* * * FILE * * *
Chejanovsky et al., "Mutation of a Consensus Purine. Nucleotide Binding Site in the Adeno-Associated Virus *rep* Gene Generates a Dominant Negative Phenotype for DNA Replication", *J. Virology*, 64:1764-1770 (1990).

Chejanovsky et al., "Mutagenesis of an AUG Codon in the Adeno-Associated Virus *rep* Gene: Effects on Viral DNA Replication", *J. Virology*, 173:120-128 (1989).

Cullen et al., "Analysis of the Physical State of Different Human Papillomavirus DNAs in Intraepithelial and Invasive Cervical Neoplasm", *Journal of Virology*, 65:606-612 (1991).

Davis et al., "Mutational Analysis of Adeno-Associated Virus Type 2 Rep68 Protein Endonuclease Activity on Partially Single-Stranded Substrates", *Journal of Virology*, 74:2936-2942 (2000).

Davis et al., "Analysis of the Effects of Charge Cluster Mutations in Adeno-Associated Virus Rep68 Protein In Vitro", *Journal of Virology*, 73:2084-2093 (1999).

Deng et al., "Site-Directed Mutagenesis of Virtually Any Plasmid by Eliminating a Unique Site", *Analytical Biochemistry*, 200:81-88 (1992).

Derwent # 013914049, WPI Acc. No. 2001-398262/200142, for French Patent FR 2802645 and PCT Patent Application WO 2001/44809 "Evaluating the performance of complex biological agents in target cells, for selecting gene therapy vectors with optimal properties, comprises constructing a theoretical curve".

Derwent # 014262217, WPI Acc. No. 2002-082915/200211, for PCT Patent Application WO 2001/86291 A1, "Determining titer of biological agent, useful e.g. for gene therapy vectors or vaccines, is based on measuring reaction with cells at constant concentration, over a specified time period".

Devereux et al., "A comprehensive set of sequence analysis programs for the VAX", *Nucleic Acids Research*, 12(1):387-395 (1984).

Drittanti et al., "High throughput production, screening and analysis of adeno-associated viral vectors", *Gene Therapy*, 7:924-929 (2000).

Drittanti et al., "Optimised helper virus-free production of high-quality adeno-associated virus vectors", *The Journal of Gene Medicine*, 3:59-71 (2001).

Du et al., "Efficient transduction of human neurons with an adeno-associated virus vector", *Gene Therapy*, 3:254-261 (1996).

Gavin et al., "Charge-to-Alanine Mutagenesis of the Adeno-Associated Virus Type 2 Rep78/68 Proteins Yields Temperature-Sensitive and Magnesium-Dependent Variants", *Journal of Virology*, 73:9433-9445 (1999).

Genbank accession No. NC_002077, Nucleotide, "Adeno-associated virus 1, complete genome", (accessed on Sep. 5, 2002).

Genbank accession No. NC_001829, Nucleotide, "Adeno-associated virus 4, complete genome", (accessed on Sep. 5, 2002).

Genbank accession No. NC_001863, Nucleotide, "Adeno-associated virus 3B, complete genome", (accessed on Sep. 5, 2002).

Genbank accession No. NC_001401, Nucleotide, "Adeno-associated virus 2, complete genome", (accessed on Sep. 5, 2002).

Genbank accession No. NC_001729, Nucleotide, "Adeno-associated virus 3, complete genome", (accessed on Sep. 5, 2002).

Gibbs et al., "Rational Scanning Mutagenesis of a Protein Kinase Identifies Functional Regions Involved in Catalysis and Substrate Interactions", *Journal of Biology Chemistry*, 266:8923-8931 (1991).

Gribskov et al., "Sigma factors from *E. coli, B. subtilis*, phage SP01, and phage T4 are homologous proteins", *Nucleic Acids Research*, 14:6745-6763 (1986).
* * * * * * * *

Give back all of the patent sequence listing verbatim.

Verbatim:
Chejanovsky et al., "Mutation of a Consensus Purine. Nucleotide Binding Site in the Adeno-Associated Virus *rep* Gene Generates a Dominant Negative Phenotype for DNA Replication", *J. Virology*, 64:1764-1770 (1990).

Chejanovsky et al., "Mutagenesis of an AUG Codon in the Adeno-Associated Virus *rep* Gene: Effects on Viral DNA Replication", *J. Virology*, 173:120-128 (1989).

Cullen et al., "Analysis of the Physical State of Different Human Papillomavirus DNAs in Intraepithelial and Invasive Cervical Neoplasm", *Journal of Virology*, 65:606-612 (1991).

Davis et al., "Mutational Analysis of Adeno-Associated Virus Type 2 Rep68 Protein Endonuclease Activity on Partially Single-Stranded Substrates", *Journal of Virology*, 74:2936-2942 (2000).

Davis et al., "Analysis of the Effects of Charge Cluster Mutations in Adeno-Associated Virus Rep68 Protein In Vitro", *Journal of Virology*, 73:2084-2093 (1999).

Deng et al., "Site-Directed Mutagenesis of Virtually Any Plasmid by Eliminating a Unique Site", *Analytical Biochemistry*, 200:81-88 (1992).

Derwent # 013914049, WPI Acc. No. 2001-398262/200142, for French Patent FR 2802645 and PCT Patent Application WO 2001/44809 "Evaluating the performance of complex biological agents in target cells, for selecting gene therapy vectors with optimal properties, comprises constructing a theoretical curve".

Derwent # 014262217, WPI Acc. No. 2002-082915/200211, for PCT Patent Application WO 2001/86291 A1, "Determining titer of biological agent, useful e.g. for gene therapy vectors or vaccines, is based on measuring reaction with cells at constant concentration, over a specified time period".

Devereux et al., "A comprehensive set of sequence analysis programs for the VAX", *Nucleic Acids Research*, 12(1):387-395 (1984).

Drittanti et al., "High throughput production, screening and analysis of adeno-associated viral vectors", *Gene Therapy*, 7:924-929 (2000).

Drittanti et al., "Optimised helper virus-free production of high-quality adeno-associated virus vectors", *The Journal of Gene Medicine*, 3:59-71 (2001).

Du et al., "Efficient transduction of human neurons with an adeno-associated virus vector", *Gene Therapy*, 3:254-261 (1996).

Gavin et al., "Charge-to-Alanine Mutagenesis of the Adeno-Associated Virus Type 2 Rep78/68 Proteins Yields Temperature-Sensitive and Magnesium-Dependent Variants", *Journal of Virology*, 73:9433-9445 (1999).

Genbank accession No. NC_002077, Nucleotide, "Adeno-associated virus 1, complete genome", (accessed on Sep. 5, 2002).

Genbank accession No. NC_001829, Nucleotide, "Adeno-associated virus 4, complete genome", (accessed on Sep. 5, 2002).

Genbank accession No. NC_001863, Nucleotide, "Adeno-associated virus 3B, complete genome", (accessed on Sep. 5, 2002).

Genbank accession No. NC_001401, Nucleotide, "Adeno-associated virus 2, complete genome", (accessed on Sep. 5, 2002).

Genbank accession No. NC_001729, Nucleotide, "Adeno-associated virus 3, complete genome", (accessed on Sep. 5, 2002).

Gibbs et al., "Rational Scanning Mutagenesis of a Protein Kinase Identifies Functional Regions Involved in Catalysis and Substrate Interactions", *Journal of Biology Chemistry*, 266:8923-8931 (1991).

Gribskov et al., "Sigma factors from *E. coli, B. subtilis*, phage SP01, and phage T4 are homologous proteins", *Nucleic Acids Research*, 14:6745-6763 (1986).